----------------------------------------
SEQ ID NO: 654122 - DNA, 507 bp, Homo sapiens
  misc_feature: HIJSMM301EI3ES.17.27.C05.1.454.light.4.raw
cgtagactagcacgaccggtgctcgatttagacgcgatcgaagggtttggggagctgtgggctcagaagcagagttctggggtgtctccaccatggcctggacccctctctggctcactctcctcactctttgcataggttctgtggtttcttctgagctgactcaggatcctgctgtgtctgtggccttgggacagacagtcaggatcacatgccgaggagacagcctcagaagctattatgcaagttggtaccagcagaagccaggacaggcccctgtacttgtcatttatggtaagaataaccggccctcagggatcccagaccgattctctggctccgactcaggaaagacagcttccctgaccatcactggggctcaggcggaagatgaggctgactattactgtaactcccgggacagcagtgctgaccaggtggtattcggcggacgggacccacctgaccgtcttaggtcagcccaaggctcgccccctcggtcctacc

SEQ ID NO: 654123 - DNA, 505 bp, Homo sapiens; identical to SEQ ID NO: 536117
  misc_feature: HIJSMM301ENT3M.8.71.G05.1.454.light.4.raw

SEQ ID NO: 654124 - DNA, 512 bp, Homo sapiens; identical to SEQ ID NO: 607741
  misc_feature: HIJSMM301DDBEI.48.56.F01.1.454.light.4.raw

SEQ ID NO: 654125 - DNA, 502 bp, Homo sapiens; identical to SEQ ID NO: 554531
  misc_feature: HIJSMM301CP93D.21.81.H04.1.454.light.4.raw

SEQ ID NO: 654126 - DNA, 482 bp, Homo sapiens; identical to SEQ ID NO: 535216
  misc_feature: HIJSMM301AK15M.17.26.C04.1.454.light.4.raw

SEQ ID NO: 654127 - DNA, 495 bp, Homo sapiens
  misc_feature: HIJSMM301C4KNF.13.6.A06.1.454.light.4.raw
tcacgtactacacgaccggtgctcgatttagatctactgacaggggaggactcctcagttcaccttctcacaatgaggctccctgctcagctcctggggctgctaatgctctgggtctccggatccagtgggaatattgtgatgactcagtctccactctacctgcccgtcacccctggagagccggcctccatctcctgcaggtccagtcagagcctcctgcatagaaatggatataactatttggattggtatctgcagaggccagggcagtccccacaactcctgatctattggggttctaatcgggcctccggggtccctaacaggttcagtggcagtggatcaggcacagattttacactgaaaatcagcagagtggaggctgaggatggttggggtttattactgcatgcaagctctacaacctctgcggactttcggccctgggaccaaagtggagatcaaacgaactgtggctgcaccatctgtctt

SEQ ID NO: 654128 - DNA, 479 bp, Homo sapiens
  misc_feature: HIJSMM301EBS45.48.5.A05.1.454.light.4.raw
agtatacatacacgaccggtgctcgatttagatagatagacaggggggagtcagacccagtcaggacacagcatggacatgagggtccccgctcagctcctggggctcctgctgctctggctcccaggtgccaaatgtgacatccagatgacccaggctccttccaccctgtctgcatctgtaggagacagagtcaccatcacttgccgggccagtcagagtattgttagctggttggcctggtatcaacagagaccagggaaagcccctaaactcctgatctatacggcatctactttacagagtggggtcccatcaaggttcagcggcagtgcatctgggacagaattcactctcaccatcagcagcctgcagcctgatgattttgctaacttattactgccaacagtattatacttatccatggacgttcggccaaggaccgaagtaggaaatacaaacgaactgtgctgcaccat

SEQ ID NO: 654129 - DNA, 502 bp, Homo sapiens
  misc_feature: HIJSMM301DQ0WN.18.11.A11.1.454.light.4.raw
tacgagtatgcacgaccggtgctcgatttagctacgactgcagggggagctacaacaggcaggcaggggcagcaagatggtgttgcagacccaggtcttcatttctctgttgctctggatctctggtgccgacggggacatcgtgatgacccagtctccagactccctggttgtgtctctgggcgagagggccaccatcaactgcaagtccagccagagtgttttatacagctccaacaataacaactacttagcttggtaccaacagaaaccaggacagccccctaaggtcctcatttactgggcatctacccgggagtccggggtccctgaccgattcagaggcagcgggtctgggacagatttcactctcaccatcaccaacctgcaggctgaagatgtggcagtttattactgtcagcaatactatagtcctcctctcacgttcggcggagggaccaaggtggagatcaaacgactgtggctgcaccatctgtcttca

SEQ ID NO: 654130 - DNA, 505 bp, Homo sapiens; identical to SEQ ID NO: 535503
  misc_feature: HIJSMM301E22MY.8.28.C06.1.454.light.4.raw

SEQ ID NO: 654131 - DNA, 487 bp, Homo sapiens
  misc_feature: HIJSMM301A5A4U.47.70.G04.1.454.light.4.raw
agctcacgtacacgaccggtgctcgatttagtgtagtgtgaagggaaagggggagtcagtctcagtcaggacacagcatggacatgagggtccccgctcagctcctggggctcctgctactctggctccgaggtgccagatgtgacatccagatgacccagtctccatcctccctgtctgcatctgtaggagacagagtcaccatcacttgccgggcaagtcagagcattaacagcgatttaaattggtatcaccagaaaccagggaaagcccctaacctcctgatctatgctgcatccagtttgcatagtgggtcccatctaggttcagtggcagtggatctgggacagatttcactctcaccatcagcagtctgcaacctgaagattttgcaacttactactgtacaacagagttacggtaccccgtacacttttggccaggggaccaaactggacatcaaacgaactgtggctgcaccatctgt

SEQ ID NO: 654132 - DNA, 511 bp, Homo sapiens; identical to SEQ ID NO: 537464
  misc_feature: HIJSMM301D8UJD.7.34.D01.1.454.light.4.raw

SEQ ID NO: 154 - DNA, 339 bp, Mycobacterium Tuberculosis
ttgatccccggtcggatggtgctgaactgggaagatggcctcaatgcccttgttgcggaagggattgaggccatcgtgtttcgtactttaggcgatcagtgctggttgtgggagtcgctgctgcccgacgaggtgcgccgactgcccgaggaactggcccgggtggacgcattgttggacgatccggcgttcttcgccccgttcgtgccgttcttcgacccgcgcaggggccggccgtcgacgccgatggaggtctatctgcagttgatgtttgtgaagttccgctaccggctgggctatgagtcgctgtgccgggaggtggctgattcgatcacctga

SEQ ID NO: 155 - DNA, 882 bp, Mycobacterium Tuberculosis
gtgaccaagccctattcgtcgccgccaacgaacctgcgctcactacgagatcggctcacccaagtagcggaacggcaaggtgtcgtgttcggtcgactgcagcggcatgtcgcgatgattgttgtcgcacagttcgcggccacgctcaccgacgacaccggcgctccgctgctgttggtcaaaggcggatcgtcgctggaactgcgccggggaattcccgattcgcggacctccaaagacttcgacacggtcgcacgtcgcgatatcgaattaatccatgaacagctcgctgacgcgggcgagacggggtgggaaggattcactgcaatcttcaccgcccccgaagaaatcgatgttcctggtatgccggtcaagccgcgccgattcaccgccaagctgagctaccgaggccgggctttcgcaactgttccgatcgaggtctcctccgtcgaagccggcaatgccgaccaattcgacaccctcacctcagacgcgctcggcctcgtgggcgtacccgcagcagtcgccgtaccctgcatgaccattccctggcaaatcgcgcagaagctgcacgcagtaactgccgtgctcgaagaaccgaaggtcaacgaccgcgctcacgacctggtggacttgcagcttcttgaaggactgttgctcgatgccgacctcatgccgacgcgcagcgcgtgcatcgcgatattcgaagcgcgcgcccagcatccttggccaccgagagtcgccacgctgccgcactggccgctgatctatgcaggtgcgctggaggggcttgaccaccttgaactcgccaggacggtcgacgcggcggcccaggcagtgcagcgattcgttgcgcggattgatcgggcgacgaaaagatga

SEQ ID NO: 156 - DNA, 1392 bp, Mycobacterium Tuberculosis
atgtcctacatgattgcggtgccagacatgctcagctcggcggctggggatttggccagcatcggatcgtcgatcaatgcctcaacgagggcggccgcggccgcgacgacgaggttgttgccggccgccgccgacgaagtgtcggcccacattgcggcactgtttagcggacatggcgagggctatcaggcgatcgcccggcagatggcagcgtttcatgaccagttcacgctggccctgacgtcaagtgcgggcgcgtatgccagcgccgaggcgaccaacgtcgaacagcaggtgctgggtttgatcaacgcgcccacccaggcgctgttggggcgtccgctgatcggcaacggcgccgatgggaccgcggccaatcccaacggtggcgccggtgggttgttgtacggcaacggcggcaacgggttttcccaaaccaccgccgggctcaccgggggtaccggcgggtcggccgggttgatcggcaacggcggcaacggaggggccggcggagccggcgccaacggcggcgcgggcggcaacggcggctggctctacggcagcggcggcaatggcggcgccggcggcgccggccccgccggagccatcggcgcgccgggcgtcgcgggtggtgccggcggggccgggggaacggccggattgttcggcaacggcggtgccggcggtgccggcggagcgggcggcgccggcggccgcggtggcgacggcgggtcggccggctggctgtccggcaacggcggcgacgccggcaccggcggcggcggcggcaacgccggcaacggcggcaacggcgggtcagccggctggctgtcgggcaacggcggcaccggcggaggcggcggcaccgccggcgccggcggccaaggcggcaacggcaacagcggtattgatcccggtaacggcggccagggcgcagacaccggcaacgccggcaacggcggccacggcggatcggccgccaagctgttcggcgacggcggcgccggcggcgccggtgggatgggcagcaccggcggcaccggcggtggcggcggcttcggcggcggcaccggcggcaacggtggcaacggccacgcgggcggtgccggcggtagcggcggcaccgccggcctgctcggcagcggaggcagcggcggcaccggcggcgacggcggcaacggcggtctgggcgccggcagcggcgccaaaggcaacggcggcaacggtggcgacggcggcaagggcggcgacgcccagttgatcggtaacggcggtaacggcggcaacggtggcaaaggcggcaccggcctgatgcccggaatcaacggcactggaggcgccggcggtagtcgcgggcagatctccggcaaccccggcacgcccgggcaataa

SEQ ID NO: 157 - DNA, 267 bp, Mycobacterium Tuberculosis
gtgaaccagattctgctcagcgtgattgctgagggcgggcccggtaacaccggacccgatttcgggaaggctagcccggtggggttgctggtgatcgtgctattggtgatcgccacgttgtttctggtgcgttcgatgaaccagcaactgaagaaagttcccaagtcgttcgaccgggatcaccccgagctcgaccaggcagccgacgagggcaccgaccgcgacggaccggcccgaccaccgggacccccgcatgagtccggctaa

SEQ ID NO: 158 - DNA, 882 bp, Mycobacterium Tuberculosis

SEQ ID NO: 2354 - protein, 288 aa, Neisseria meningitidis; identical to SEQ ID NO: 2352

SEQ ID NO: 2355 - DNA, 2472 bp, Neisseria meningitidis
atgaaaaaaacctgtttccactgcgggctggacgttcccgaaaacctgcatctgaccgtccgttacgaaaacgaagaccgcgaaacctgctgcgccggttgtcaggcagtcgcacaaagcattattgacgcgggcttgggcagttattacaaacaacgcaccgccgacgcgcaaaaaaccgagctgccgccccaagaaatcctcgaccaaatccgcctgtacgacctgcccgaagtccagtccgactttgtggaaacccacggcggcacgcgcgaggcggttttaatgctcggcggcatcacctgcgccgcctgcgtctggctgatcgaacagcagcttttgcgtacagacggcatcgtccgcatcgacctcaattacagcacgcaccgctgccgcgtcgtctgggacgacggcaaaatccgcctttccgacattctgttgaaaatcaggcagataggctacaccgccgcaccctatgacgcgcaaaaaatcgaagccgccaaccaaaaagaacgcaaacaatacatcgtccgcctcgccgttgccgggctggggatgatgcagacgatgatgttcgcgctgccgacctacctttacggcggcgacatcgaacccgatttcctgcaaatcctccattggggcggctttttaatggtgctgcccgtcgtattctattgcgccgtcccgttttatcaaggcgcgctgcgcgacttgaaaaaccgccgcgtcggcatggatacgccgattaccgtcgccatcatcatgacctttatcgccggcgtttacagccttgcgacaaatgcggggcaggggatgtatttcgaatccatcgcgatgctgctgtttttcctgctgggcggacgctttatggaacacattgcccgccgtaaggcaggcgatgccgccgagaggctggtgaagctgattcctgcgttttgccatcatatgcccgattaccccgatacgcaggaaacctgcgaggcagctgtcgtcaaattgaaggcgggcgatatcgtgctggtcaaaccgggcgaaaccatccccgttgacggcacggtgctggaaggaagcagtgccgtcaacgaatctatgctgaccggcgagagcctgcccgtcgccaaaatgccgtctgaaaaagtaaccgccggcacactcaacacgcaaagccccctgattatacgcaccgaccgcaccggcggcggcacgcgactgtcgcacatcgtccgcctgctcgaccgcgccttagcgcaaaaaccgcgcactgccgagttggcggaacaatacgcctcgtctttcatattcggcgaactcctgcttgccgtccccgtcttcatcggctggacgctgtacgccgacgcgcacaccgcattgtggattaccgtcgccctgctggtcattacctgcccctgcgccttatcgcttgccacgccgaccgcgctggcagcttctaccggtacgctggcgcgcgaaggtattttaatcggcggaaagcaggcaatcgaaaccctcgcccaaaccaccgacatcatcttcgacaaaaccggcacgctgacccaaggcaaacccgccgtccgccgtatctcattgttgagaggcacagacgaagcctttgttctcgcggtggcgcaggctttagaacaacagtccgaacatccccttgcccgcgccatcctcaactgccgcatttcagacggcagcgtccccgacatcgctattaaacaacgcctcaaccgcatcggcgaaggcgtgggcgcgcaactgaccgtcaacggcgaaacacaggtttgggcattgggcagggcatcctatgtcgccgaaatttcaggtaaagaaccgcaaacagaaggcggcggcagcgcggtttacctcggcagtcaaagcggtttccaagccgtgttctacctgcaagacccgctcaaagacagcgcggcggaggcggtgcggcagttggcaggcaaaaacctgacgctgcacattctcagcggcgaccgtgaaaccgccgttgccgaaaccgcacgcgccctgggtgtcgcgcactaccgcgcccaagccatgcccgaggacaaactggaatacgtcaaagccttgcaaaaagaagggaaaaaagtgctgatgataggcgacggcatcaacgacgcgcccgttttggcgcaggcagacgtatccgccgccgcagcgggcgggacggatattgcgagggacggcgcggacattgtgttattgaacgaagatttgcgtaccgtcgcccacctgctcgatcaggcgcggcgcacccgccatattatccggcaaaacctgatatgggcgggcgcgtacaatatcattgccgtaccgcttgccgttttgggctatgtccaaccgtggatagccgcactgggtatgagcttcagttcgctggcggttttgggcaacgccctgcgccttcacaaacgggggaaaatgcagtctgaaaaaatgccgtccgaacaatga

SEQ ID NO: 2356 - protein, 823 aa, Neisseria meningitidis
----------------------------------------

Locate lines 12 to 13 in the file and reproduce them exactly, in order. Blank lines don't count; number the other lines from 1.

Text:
SEQ ID NO: 654127 - DNA, 495 bp, Homo sapiens
  misc_feature: HIJSMM301C4KNF.13.6.A06.1.454.light.4.raw